As we have mentioned before, there are three key points to remember and to apply on any mountain;

1) The mountain will always be there. Do not push safety boundaries on ascents as another can be made
2) The key to success is preparation in terms of information, equipment, training, techniques and planning
3) Never set off considering rescue as an option (unless there is an accident). Do not play poker with lives.
The key climbing seasons
Summer - Our course dates start from early July to mid-September which is typically known as the high season in the Alps yet as with any mountain the weather can be unpredictable - even more so with recent weather pattern changes. We will always seek to find a suitable alternative should weather and conditions require.

Winter - We also offer a winter ascent dependent on snow conditions and we can only stress that this is only for those with relevant experience, cast iron determination and focus, skills and desire. See the itinerary here. We normally can operate winter ascents any time between December and April. Get in touch to discuss plans!
Map of the Matterhorn
Routes on the Matterhorn
With its four ridges and four faces on the Matterhorn it is an alpinist's dream with over 25 possible routes yet the north-eastern Hornli Arete to the summit- while being the most popular - is the safest in comparison and the one we have chosen as the route of choice for the ascent of this classic mountain. Here we review the two most popular routes to ascend the Matterhorn.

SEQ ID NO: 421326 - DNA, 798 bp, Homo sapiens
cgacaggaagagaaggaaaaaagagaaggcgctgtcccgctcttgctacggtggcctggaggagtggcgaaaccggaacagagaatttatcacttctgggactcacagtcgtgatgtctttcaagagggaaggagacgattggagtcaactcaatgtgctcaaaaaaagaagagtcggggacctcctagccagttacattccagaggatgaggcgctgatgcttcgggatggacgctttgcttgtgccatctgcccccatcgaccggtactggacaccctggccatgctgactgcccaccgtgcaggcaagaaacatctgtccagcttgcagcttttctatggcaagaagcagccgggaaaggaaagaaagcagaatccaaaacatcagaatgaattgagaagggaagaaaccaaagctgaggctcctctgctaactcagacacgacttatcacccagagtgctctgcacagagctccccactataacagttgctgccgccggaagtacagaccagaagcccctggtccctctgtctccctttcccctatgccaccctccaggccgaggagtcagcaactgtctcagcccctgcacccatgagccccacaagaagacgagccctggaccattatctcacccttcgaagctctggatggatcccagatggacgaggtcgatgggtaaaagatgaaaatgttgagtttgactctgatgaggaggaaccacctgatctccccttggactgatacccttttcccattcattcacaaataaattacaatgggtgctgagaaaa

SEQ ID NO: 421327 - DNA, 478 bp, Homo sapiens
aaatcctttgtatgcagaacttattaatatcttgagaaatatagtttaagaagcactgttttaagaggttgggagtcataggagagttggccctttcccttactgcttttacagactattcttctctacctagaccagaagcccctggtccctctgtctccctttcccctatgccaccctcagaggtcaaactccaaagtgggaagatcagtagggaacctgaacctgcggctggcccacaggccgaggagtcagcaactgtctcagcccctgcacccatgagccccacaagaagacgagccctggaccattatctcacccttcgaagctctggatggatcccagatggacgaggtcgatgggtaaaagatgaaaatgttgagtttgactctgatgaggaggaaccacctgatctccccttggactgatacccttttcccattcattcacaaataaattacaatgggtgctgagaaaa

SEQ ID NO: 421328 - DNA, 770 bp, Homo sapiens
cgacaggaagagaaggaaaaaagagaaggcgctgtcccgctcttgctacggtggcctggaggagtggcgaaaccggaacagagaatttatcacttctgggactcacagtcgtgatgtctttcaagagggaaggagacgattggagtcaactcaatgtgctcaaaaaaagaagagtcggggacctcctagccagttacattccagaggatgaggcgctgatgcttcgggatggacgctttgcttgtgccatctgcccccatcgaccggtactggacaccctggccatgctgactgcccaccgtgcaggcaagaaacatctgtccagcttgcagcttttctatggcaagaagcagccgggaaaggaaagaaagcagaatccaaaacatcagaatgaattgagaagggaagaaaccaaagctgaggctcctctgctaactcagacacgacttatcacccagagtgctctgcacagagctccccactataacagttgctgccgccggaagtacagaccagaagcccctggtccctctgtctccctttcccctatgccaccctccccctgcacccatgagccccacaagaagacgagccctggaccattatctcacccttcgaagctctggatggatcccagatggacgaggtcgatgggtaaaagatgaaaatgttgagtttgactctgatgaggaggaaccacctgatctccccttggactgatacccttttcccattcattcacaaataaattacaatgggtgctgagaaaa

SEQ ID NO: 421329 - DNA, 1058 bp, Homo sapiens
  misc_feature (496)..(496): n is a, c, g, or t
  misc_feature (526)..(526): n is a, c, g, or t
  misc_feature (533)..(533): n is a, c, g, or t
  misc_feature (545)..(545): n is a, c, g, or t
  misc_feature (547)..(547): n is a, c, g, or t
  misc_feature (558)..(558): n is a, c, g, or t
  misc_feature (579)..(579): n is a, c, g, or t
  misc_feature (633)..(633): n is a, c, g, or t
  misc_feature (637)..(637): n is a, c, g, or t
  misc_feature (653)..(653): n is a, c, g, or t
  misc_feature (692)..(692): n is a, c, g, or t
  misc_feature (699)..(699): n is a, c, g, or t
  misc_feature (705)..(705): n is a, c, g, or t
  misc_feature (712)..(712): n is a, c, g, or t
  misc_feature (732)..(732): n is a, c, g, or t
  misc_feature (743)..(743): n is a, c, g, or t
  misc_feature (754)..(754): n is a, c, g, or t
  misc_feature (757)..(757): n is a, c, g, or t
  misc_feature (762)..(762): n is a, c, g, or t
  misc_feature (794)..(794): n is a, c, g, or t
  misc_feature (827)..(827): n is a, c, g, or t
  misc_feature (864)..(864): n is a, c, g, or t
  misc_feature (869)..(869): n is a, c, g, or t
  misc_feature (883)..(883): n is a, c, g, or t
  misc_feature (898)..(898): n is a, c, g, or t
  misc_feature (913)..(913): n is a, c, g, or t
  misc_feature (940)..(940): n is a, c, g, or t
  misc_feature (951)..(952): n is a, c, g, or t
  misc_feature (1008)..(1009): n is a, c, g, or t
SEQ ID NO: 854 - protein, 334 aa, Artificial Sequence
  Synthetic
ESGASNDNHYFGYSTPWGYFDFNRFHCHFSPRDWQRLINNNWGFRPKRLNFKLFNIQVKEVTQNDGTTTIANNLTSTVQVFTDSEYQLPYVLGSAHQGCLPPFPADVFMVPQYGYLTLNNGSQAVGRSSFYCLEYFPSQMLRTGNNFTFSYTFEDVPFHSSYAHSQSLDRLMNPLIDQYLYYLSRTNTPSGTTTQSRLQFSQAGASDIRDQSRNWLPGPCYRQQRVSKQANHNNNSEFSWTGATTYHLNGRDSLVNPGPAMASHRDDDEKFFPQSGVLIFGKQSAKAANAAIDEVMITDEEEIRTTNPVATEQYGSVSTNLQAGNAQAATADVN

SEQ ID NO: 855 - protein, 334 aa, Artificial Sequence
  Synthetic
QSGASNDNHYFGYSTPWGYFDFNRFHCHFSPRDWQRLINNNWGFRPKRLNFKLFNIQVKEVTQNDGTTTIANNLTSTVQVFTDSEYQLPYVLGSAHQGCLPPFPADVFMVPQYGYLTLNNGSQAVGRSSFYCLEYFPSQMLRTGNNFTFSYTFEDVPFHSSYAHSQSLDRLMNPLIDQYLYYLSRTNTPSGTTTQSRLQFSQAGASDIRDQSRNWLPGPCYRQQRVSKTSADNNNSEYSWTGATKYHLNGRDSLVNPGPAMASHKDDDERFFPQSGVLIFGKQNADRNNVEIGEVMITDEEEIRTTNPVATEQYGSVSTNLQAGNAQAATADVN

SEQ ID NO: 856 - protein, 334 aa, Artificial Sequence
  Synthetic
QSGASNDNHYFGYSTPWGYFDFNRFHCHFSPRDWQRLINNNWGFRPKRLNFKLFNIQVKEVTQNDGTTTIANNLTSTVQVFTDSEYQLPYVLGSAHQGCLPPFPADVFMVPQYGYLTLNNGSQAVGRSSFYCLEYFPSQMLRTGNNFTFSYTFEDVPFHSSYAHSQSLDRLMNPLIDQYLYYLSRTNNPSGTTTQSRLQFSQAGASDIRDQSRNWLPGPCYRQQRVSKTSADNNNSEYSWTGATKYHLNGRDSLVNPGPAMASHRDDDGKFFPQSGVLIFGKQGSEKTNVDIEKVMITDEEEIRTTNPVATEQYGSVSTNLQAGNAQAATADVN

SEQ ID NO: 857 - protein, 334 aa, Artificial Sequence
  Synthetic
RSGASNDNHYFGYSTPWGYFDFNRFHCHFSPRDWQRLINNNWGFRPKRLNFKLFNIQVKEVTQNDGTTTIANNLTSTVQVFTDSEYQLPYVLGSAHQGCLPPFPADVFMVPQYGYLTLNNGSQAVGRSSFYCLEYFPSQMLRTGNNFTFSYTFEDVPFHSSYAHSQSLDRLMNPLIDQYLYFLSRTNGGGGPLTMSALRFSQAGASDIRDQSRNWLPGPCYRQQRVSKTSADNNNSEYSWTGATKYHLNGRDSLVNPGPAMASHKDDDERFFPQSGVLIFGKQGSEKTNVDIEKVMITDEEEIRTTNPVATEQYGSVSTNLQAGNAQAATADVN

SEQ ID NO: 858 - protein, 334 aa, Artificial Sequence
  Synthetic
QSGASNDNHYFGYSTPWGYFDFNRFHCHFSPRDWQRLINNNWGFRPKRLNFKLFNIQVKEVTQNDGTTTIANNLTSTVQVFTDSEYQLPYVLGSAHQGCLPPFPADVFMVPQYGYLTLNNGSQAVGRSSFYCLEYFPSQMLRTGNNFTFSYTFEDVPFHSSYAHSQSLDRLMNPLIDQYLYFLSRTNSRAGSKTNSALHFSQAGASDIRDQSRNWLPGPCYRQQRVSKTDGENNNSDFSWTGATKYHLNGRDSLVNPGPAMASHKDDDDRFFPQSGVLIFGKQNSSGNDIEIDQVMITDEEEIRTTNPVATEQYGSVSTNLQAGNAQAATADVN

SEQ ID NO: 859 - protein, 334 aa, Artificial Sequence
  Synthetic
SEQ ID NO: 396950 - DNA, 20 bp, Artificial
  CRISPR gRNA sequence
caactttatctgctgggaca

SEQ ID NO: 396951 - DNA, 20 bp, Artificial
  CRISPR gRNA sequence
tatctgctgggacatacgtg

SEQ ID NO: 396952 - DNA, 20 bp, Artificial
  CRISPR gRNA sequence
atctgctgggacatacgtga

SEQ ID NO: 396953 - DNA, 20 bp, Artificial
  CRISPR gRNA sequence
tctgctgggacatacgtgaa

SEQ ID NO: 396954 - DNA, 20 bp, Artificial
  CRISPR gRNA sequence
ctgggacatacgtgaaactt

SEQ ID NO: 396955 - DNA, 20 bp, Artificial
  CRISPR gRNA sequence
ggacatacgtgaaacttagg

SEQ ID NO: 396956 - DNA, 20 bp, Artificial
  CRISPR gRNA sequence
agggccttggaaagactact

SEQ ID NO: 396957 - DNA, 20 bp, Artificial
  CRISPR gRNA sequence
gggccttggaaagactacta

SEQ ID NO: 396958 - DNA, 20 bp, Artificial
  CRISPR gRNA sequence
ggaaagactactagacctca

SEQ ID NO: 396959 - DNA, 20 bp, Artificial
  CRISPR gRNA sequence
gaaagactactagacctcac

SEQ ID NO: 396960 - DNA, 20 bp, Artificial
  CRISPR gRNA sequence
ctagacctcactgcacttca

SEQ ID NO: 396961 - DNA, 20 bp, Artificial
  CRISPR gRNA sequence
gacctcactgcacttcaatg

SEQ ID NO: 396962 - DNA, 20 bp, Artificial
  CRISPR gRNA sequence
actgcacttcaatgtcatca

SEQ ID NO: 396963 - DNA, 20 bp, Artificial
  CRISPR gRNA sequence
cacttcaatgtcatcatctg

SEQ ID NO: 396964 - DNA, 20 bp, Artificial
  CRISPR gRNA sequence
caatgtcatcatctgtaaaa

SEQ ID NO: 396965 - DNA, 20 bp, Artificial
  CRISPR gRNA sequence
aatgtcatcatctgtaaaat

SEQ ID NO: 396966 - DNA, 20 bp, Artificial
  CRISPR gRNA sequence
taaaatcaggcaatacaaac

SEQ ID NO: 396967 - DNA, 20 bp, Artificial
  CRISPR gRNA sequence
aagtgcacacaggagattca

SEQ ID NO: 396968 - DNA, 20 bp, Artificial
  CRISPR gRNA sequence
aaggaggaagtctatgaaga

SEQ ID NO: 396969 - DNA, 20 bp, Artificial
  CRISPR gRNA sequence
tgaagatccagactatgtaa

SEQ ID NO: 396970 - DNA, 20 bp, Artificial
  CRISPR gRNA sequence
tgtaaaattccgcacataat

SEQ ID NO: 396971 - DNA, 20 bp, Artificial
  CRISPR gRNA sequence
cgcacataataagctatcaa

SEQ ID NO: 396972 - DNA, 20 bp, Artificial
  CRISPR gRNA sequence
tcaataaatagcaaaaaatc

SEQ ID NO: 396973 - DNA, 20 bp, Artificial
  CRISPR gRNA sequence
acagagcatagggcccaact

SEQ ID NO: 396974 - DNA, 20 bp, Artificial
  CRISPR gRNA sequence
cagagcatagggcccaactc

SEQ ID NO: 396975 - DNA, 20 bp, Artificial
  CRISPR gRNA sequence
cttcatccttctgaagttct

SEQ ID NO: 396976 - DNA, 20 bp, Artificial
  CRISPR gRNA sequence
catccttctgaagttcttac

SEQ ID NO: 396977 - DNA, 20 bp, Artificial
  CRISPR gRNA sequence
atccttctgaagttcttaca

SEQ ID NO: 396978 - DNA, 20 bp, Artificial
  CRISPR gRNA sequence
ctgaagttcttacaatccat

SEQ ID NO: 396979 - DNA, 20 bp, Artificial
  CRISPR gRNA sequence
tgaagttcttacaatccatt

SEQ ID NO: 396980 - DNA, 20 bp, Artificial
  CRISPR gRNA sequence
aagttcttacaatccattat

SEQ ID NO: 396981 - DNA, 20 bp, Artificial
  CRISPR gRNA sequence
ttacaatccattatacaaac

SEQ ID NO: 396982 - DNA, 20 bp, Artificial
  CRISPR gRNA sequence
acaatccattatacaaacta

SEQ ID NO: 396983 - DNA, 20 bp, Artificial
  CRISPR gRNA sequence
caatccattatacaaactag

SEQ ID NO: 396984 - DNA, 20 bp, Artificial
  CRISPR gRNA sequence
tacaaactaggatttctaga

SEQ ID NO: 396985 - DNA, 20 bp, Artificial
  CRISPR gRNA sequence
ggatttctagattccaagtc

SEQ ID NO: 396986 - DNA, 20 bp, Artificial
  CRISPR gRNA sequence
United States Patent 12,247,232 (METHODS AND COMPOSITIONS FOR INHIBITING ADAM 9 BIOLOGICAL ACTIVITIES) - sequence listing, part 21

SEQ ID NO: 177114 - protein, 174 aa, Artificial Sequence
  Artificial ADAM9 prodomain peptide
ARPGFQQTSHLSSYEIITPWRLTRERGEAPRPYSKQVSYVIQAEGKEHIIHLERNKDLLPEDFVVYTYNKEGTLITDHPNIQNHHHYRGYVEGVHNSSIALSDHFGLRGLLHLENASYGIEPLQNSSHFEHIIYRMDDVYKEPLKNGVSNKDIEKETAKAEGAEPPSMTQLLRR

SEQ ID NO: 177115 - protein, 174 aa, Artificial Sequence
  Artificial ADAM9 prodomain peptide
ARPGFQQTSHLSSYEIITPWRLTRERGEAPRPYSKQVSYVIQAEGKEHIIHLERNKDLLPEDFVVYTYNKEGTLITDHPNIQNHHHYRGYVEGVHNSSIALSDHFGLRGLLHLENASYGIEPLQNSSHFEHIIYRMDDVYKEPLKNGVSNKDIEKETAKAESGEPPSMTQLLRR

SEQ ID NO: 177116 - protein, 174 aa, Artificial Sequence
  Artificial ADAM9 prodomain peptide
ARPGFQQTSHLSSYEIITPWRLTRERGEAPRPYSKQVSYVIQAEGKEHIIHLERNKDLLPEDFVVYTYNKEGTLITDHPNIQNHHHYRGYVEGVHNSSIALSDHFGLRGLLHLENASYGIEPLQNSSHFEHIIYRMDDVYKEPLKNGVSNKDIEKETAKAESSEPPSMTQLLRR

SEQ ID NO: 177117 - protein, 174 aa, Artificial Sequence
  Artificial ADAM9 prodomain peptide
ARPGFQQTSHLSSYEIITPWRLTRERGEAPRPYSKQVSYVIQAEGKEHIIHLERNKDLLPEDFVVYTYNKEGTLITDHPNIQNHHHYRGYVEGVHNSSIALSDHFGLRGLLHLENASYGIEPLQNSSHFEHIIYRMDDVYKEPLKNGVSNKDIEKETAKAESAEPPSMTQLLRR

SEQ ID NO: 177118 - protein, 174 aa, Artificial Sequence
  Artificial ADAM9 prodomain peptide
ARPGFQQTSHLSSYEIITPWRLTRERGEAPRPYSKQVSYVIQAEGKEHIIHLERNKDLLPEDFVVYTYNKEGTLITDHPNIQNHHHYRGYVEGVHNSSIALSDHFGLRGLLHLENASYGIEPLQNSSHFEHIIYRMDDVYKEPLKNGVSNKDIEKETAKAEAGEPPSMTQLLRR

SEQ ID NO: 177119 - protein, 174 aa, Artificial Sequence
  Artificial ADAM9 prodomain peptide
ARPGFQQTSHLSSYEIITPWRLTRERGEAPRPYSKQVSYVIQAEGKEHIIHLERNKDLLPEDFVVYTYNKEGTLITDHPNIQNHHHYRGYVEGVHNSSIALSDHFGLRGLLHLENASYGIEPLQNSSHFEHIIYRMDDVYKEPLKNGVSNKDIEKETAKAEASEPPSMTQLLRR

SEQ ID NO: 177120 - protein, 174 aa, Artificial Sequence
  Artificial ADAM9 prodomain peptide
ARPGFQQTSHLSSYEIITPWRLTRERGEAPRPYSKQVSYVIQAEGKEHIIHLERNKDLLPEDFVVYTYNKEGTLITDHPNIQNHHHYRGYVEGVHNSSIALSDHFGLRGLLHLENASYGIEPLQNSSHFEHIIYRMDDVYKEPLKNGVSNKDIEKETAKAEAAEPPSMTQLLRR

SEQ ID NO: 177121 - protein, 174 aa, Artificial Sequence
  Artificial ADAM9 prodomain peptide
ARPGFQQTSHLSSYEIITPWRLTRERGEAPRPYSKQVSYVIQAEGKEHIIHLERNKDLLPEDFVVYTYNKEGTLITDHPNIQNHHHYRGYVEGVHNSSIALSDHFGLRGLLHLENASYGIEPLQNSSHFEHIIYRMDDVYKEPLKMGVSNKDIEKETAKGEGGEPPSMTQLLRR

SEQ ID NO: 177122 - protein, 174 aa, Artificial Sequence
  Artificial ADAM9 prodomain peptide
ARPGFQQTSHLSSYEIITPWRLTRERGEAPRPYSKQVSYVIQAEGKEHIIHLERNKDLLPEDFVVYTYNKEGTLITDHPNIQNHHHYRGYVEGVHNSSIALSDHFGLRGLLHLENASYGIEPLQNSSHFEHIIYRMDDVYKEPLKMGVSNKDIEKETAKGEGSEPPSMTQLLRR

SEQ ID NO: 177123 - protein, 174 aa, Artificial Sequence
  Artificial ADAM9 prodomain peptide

Hornli Arete from Zermatt
On the map above, this is the ENE ridge, from Hornlihutte to the summit at 4478m.

This most popular and classic route is the Hornli ridge and the route of the first ascent. It can be seen from Zermatt and the angle of the route makes it even look like the most logical one to climb as it leads its way to the summit.
There is a hut at 3260m which was built in the late 1800's by the Swiss Alpine Club as the popularity and the draw of the challenge grew. The hut is currently closed due to renovation and extension works and will re-open in 2015 for the 150th anniversary celebrations of the first ascent.

With an approximate 1200 metres of climbing from the Hornli Hut to the summit, the actual ascent takes place over two days. On the first day you drive to Tasch and then take to the train to Zermatt and a cable car to Schwartzee. From here there is a two hour hike up to the Hornli hut (c. 700m of vertical climb) for an overnight stay which helps with acclimatisation and is followed by an early start to reach the summit and back the following day, based on a 4am start to avoid the afternoon clouds and storms that sweep regularly through. Once back at the hut, you trek down to Schwartzee, and take the cable cars back down to Zermatt.